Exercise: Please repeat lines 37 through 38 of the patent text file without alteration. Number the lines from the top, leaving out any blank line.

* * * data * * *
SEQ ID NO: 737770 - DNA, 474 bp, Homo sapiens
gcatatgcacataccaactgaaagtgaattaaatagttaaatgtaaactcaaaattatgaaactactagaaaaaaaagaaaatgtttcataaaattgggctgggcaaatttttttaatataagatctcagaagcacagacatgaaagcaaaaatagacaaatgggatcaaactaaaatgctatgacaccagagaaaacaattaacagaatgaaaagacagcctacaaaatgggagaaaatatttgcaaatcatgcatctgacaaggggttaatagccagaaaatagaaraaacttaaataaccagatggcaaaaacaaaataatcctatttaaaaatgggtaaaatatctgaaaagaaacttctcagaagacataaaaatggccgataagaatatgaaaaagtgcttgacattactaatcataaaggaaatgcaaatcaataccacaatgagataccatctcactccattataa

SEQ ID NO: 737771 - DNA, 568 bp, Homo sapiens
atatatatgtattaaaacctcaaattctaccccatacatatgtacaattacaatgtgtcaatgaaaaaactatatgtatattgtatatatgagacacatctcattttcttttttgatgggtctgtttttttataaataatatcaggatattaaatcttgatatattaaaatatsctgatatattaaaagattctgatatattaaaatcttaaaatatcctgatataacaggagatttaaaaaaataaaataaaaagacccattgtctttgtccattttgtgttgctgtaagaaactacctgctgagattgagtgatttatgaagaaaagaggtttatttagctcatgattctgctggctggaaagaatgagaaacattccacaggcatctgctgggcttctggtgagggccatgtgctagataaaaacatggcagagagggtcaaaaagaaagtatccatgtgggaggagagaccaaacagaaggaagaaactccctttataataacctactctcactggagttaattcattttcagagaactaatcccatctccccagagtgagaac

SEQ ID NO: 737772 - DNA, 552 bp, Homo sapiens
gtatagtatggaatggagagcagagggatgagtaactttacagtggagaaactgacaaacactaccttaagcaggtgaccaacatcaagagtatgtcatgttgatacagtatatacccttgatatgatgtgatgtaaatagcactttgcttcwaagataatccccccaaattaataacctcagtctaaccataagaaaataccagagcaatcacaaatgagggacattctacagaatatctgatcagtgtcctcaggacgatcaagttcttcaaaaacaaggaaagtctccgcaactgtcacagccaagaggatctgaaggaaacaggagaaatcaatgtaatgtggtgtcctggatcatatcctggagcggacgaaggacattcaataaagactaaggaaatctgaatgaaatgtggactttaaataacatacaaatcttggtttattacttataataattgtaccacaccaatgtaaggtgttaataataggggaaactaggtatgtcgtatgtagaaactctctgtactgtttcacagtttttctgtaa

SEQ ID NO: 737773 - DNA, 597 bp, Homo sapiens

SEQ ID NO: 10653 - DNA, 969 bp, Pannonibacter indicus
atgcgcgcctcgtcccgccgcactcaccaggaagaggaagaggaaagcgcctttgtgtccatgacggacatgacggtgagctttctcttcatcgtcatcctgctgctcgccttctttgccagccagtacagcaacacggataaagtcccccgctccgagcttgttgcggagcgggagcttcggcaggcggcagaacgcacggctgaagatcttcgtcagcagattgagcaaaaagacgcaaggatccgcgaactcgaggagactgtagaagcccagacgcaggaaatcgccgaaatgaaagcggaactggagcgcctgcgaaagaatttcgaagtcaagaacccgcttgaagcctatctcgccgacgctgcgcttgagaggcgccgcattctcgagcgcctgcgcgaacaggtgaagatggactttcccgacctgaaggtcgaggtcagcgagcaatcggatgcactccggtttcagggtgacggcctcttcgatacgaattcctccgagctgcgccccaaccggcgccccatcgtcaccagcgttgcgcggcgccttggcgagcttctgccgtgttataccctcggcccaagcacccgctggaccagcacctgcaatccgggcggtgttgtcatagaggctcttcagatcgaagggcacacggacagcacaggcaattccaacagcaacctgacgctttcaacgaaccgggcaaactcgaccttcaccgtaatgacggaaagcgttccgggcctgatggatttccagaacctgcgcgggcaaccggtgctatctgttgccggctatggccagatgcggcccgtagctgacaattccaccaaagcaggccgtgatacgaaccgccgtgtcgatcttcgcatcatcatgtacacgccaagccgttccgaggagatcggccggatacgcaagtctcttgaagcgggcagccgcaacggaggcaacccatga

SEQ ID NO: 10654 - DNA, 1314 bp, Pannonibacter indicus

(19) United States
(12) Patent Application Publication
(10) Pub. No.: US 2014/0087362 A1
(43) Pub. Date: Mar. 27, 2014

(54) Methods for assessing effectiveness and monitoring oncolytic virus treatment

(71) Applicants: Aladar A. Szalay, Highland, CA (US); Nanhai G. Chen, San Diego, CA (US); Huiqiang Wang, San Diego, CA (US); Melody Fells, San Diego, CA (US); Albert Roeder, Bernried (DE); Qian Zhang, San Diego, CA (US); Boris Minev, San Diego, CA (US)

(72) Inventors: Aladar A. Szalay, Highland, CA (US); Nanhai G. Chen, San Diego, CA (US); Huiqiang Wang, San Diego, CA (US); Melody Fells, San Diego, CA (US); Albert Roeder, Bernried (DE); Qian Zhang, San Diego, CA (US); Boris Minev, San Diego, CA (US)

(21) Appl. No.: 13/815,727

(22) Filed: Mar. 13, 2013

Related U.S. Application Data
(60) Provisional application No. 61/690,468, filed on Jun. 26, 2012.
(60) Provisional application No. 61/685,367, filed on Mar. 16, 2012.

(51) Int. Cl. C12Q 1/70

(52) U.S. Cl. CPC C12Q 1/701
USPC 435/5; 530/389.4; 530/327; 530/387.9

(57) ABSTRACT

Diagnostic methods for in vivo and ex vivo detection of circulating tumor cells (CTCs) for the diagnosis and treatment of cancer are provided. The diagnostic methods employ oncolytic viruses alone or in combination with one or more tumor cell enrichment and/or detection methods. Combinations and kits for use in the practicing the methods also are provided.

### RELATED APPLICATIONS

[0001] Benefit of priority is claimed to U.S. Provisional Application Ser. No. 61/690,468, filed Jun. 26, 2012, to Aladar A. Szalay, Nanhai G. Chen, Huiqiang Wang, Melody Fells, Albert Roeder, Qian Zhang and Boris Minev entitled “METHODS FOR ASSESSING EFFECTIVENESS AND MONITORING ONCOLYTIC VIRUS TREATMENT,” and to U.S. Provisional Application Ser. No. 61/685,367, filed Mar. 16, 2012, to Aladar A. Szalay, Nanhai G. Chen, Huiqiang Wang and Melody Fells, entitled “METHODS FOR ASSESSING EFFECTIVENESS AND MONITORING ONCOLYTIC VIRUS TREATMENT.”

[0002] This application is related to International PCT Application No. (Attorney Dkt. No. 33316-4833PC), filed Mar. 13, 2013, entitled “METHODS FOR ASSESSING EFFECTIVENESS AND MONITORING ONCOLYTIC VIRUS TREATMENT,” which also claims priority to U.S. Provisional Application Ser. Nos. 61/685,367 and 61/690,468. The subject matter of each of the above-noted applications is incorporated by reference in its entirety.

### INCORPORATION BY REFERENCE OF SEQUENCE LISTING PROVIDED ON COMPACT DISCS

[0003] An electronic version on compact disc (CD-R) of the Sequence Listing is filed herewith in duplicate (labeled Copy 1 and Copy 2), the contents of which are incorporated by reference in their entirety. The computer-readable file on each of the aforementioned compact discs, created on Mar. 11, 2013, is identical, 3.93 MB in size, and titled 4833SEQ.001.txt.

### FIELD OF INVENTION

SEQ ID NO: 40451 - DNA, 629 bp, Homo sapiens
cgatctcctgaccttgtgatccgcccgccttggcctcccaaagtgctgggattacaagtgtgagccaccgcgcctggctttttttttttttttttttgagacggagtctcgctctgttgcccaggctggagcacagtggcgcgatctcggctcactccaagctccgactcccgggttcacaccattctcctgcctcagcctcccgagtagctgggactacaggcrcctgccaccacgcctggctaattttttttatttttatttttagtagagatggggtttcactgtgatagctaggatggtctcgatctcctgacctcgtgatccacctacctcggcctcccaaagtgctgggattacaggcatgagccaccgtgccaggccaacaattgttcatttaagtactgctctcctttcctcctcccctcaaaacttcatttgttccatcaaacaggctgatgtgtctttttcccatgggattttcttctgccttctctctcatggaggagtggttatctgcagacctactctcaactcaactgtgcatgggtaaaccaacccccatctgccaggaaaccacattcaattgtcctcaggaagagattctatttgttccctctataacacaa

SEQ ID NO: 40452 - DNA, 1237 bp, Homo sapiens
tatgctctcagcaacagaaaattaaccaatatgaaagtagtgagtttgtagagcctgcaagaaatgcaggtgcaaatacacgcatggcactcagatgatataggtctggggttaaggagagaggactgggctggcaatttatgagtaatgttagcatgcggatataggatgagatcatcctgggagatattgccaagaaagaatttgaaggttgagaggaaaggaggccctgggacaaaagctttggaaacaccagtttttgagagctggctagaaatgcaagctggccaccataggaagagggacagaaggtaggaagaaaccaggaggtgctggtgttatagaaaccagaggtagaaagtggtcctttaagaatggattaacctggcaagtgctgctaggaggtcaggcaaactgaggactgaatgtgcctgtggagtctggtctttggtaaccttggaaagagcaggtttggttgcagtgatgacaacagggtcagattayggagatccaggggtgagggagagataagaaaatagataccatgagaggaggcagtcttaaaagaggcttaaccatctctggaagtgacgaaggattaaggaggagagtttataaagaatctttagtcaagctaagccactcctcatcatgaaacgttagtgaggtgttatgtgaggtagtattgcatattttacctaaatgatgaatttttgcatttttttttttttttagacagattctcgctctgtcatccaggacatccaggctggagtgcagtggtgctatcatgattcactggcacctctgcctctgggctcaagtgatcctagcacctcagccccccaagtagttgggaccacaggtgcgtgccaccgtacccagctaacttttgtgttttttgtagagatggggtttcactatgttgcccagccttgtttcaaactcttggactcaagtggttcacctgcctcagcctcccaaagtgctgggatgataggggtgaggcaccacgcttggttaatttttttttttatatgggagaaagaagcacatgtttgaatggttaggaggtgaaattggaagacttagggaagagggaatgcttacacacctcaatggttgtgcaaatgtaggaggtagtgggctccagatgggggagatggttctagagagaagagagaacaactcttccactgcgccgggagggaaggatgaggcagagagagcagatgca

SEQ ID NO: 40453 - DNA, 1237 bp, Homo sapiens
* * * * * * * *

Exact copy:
tatgctctcagcaacagaaaattaaccaatatgaaagtagtgagtttgtagagcctgcaagaaatgcaggtgcaaatacacgcatggcactcagatgatataggtctggggttaaggagagaggactgggctggcaatttatgagtaatgttagcatgcggatataggatgagatcatcctgggagatattgccaagaaagaatttgaaggttgagaggaaaggaggccctgggacaaaagctttggaaacaccagtttttgagagctggctagaaatgcaagctggccaccataggaagagggacagaaggtaggaagaaaccaggaggtgctggtgttatagaaaccagaggtagaaagtggtcctttaagaatggattaacctggcaagtgctgctaggaggtcaggcaaactgaggactgaatgtgcctgtggagtctggtctttggtaaccttggaaagagcaggtttggttgcagtgatgacaacagggtcagattayggagatccaggggtgagggagagataagaaaatagataccatgagaggaggcagtcttaaaagaggcttaaccatctctggaagtgacgaaggattaaggaggagagtttataaagaatctttagtcaagctaagccactcctcatcatgaaacgttagtgaggtgttatgtgaggtagtattgcatattttacctaaatgatgaatttttgcatttttttttttttttagacagattctcgctctgtcatccaggacatccaggctggagtgcagtggtgctatcatgattcactggcacctctgcctctgggctcaagtgatcctagcacctcagccccccaagtagttgggaccacaggtgcgtgccaccgtacccagctaacttttgtgttttttgtagagatggggtttcactatgttgcccagccttgtttcaaactcttggactcaagtggttcacctgcctcagcctcccaaagtgctgggatgataggggtgaggcaccacgcttggttaatttttttttttatatgggagaaagaagcacatgtttgaatggttaggaggtgaaattggaagacttagggaagagggaatgcttacacacctcaatggttgtgcaaatgtaggaggtagtgggctccagatgggggagatggttctagagagaagagagaacaactcttccactgcgccgggagggaaggatgaggcagagagagcagatgca

SEQ ID NO: 40453 - DNA, 1237 bp, Homo sapiens